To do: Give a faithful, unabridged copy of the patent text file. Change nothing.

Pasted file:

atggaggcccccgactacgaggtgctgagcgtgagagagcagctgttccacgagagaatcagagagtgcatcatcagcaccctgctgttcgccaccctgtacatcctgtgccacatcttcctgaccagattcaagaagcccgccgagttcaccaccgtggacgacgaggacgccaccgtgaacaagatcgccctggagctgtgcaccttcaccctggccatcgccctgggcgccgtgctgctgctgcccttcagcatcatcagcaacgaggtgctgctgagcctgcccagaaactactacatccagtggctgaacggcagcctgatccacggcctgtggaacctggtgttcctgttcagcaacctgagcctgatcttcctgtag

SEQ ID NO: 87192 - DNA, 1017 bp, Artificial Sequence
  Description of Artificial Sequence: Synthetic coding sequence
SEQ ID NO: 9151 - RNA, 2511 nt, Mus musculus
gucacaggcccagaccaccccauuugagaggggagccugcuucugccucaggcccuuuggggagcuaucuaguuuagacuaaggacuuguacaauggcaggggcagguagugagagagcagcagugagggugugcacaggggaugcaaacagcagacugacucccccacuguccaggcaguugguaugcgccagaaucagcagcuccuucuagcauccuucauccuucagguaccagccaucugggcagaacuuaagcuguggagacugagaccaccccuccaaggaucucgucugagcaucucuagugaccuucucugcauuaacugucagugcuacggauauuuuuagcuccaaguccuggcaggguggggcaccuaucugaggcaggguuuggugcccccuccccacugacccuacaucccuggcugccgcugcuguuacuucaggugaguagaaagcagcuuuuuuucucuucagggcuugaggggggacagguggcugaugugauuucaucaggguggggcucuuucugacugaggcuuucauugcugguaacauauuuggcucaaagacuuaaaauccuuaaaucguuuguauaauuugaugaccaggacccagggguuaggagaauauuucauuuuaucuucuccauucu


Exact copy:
atggaggcccccgactacgaggtgctgagcgtgagagagcagctgttccacgagagaatcagagagtgcatcatcagcaccctgctgttcgccaccctgtacatcctgtgccacatcttcctgaccagattcaagaagcccgccgagttcaccaccgtggacgacgaggacgccaccgtgaacaagatcgccctggagctgtgcaccttcaccctggccatcgccctgggcgccgtgctgctgctgcccttcagcatcatcagcaacgaggtgctgctgagcctgcccagaaactactacatccagtggctgaacggcagcctgatccacggcctgtggaacctggtgttcctgttcagcaacctgagcctgatcttcctgtag

SEQ ID NO: 87192 - DNA, 1017 bp, Artificial Sequence
  Description of Artificial Sequence: Synthetic coding sequence
SEQ ID NO: 9151 - RNA, 2511 nt, Mus musculus
gucacaggcccagaccaccccauuugagaggggagccugcuucugccucaggcccuuuggggagcuaucuaguuuagacuaaggacuuguacaauggcaggggcagguagugagagagcagcagugagggugugcacaggggaugcaaacagcagacugacucccccacuguccaggcaguugguaugcgccagaaucagcagcuccuucuagcauccuucauccuucagguaccagccaucugggcagaacuuaagcuguggagacugagaccaccccuccaaggaucucgucugagcaucucuagugaccuucucugcauuaacugucagugcuacggauauuuuuagcuccaaguccuggcaggguggggcaccuaucugaggcaggguuuggugcccccuccccacugacccuacaucccuggcugccgcugcuguuacuucaggugaguagaaagcagcuuuuuuucucuucagggcuugaggggggacagguggcugaugugauuucaucaggguggggcucuuucugacugaggcuuucauugcugguaacauauuuggcucaaagacuuaaaauccuuaaaucguuuguauaauuugaugaccaggacccagggguuaggagaauauuucauuuuaucuucuccauucu